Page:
National Lampoon to launch women's Web site network

The comedy brand will be expanding its Web presence through 8228, a network of gossip and entertainment sites for women.

Could the company that brought you this cinematic classic manage to create a successful women's Web site network? National Lampoon

Comedy house National Lampoon, which has brought the entertainment world everything from Animal House to the more recent Van Wilder, is courting the babes. A Media Week article details the brand's impending launch of 8228, the latest addition to the online National Lampoon Humor Network, which is a network of gossip and entertainment sites for a female audience.

We're guessing the tone will be a little different from TeamSugar or iVillage.

Expanding its Web presence is inherently a good move for National Lampoon: Van Wilder was a hit on DVD among the college crowd, but the once-iconic comedy brand has been largely eclipsed at the box office by such "Frat Pack" hits as Old School and Wedding Crashers, and more recently the phenomenon of Judd Apatow-affiliated "bromances" like The 40-Year-Old Virgin and Knocked Up. And apparently, the Lampoon has thus far been successful in its digital initiatives--the formation of a network of college-oriented media sites, including the purchase of DrunkUniversity.com earlier this year, has helped to boost its Web traffic, and some viral buzz has ensued from a fake movie trailer about two dumb college students who pledge a frat called 'Alpha Qaeda.'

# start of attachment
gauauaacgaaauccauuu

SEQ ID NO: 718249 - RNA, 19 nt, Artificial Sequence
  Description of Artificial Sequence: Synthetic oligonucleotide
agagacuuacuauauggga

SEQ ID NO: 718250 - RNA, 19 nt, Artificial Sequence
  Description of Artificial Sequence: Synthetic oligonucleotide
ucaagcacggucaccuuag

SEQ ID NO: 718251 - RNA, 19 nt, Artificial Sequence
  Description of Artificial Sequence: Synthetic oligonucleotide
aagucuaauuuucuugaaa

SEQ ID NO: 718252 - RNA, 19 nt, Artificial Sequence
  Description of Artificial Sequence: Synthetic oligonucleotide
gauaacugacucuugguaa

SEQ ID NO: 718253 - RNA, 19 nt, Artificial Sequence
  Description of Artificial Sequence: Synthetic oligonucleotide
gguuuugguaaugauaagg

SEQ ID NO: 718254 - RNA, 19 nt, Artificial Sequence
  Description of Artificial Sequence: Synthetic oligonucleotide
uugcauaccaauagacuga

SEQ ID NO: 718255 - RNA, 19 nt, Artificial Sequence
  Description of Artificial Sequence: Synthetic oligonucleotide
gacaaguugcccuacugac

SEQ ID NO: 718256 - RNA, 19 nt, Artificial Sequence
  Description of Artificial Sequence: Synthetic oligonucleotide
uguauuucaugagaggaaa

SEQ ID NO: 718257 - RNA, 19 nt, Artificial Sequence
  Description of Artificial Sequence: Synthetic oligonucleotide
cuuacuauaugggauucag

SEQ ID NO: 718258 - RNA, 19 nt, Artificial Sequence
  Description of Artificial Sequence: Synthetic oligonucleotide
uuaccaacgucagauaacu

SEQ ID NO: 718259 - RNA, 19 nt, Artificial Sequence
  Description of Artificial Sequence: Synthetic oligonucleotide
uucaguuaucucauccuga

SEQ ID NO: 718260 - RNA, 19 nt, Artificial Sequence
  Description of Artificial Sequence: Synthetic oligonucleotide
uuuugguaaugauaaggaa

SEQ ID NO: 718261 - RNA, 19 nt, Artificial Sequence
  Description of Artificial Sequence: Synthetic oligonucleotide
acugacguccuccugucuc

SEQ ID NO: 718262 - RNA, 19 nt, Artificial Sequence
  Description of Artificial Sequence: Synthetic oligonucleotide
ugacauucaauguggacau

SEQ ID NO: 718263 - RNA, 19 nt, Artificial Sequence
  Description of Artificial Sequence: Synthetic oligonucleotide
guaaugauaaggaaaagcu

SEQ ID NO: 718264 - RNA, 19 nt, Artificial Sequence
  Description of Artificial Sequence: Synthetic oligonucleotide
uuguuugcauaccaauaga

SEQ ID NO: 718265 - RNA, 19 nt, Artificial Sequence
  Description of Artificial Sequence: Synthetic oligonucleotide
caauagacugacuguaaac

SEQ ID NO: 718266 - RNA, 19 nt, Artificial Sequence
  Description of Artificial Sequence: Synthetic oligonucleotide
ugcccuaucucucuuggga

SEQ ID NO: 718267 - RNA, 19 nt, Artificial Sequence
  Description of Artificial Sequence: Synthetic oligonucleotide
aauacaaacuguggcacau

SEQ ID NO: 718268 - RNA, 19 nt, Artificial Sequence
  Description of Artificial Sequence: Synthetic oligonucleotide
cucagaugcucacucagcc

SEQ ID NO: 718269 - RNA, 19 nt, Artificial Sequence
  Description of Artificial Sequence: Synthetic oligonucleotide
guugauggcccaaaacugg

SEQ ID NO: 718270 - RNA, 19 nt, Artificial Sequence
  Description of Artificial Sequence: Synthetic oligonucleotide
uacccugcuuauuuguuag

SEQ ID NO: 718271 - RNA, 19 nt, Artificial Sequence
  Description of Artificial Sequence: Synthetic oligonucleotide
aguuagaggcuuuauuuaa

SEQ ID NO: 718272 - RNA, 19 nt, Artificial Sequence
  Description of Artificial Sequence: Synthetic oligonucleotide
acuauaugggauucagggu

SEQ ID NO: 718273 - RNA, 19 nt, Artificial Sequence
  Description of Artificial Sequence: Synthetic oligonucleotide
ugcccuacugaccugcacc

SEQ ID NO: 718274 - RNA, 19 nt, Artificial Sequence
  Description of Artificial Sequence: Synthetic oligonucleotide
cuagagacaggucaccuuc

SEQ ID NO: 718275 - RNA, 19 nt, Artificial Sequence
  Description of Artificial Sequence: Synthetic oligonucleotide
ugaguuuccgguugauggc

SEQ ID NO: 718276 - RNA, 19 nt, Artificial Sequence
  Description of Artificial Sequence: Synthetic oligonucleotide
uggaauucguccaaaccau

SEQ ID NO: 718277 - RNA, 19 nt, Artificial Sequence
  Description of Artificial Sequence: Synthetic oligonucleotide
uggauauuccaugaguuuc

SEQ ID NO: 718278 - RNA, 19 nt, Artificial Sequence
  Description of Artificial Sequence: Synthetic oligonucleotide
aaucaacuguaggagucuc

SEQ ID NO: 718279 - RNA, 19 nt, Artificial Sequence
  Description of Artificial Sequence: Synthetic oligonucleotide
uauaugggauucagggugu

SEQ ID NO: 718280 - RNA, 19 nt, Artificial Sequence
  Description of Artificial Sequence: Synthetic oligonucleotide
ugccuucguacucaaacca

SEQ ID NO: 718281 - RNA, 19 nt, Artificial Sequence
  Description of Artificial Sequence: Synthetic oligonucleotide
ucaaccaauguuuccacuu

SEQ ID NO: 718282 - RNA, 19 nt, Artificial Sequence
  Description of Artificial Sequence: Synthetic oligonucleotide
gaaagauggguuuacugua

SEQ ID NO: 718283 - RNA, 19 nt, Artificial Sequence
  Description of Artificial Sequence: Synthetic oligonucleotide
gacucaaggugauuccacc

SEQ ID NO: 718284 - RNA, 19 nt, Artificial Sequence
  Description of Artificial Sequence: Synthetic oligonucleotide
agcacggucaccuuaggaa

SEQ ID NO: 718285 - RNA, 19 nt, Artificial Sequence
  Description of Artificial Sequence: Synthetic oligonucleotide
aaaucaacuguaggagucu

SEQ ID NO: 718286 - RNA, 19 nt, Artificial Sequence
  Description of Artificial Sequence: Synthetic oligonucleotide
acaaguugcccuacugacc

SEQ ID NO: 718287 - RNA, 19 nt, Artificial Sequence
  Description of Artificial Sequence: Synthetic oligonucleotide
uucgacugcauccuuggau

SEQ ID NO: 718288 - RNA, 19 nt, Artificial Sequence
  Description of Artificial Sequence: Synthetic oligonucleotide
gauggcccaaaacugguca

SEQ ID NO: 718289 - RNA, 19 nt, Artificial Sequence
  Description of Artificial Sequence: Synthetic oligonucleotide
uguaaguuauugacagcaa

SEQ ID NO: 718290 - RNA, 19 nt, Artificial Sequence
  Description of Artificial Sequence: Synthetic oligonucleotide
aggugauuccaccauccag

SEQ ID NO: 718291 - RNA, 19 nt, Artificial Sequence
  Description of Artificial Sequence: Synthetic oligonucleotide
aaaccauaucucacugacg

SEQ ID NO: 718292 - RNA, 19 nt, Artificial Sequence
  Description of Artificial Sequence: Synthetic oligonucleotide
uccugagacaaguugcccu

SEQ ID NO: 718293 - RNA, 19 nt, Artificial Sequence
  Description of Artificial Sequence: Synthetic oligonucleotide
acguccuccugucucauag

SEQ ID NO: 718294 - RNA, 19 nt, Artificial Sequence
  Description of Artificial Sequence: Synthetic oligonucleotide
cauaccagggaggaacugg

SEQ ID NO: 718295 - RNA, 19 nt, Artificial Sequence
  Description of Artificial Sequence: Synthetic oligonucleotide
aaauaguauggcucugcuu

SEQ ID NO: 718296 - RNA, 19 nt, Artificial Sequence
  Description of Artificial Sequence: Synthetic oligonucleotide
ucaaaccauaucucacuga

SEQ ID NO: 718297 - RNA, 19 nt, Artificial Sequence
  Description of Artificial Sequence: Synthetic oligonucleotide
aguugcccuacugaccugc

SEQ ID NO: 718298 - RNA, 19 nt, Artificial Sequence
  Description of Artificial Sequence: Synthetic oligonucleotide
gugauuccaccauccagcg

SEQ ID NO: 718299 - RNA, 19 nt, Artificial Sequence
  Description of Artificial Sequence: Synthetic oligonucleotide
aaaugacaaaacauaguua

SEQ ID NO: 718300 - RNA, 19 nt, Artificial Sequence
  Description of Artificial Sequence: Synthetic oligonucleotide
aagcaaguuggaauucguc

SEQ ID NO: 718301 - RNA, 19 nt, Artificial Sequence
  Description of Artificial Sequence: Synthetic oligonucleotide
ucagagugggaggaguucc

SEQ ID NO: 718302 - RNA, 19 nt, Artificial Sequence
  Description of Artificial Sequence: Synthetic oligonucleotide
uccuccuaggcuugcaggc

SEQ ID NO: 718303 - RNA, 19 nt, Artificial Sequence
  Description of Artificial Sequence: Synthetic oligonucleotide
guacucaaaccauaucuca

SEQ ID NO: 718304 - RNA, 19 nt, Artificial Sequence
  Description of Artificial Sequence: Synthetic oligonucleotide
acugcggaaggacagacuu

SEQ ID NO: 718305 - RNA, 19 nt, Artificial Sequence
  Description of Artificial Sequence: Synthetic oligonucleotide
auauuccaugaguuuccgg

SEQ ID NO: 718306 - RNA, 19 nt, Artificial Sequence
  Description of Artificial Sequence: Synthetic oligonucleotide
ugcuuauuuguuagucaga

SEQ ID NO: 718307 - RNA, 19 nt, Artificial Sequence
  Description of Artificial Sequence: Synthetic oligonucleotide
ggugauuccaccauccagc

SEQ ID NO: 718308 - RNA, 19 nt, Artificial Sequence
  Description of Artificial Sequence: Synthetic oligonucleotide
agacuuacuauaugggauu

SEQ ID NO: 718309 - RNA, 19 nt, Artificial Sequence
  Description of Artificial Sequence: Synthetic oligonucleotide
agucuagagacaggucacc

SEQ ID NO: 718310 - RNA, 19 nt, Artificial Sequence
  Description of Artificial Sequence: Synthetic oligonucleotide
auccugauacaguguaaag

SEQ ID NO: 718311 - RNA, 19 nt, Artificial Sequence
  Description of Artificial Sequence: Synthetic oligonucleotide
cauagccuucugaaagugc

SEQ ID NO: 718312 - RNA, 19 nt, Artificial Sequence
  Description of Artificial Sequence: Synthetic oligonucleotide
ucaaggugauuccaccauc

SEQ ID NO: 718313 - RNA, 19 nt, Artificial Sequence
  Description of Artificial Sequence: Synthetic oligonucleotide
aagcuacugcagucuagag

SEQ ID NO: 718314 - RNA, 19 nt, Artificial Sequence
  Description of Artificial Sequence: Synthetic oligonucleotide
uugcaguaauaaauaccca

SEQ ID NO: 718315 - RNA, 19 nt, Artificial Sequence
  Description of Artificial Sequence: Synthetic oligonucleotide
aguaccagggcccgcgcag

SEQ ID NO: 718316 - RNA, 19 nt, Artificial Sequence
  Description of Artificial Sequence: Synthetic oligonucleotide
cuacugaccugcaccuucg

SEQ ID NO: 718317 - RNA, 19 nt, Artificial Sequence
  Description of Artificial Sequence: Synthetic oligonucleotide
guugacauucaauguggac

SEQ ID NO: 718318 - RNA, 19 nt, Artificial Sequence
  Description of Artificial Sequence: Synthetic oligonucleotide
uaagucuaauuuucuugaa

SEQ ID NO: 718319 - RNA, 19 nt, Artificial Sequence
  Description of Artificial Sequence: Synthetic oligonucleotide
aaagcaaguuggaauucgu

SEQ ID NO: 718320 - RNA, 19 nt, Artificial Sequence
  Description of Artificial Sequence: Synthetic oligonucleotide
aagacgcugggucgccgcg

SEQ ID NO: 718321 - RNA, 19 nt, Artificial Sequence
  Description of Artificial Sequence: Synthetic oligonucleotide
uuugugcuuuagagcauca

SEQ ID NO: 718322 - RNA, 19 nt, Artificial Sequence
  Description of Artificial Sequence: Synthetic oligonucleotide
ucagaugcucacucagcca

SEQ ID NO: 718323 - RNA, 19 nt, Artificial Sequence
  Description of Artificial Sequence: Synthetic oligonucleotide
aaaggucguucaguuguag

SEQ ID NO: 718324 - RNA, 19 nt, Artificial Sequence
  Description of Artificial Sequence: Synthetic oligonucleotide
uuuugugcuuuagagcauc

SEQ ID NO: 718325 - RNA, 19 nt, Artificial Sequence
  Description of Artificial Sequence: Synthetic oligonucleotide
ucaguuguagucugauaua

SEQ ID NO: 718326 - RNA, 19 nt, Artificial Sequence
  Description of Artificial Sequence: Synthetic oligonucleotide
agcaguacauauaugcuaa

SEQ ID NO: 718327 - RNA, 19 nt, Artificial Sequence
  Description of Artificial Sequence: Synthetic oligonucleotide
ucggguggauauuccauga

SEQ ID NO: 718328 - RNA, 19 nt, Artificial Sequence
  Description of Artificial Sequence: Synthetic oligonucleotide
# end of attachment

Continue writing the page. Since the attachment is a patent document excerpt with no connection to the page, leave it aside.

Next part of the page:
Launching a targeted set of "gossip and entertainment" sites for women, however, has the potential for disaster. Many female Web users just don't like being pigeonholed; Gawker Media's Jezebel blog has turned out to be a surprising success, but the company was walking a fine line by launching a brand specifically geared toward women. As Jossip puts it with regard to 8228, "We're thinking Animal House meets The Vagina Monologues. We're also thinking, 'This is National Lampoon's worst idea since Van Wilder 2: The Rise Of Taj.'" Couldn't have put it better myself.

In any case, let's hope they don't make it pink.

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About the author

Caroline McCarthy, a CNET News staff writer, is a downtown Manhattanite happily addicted to social-media tools and restaurant blogs. Her pre-CNET resume includes interning at an IT security firm and brewing cappuccinos.

 

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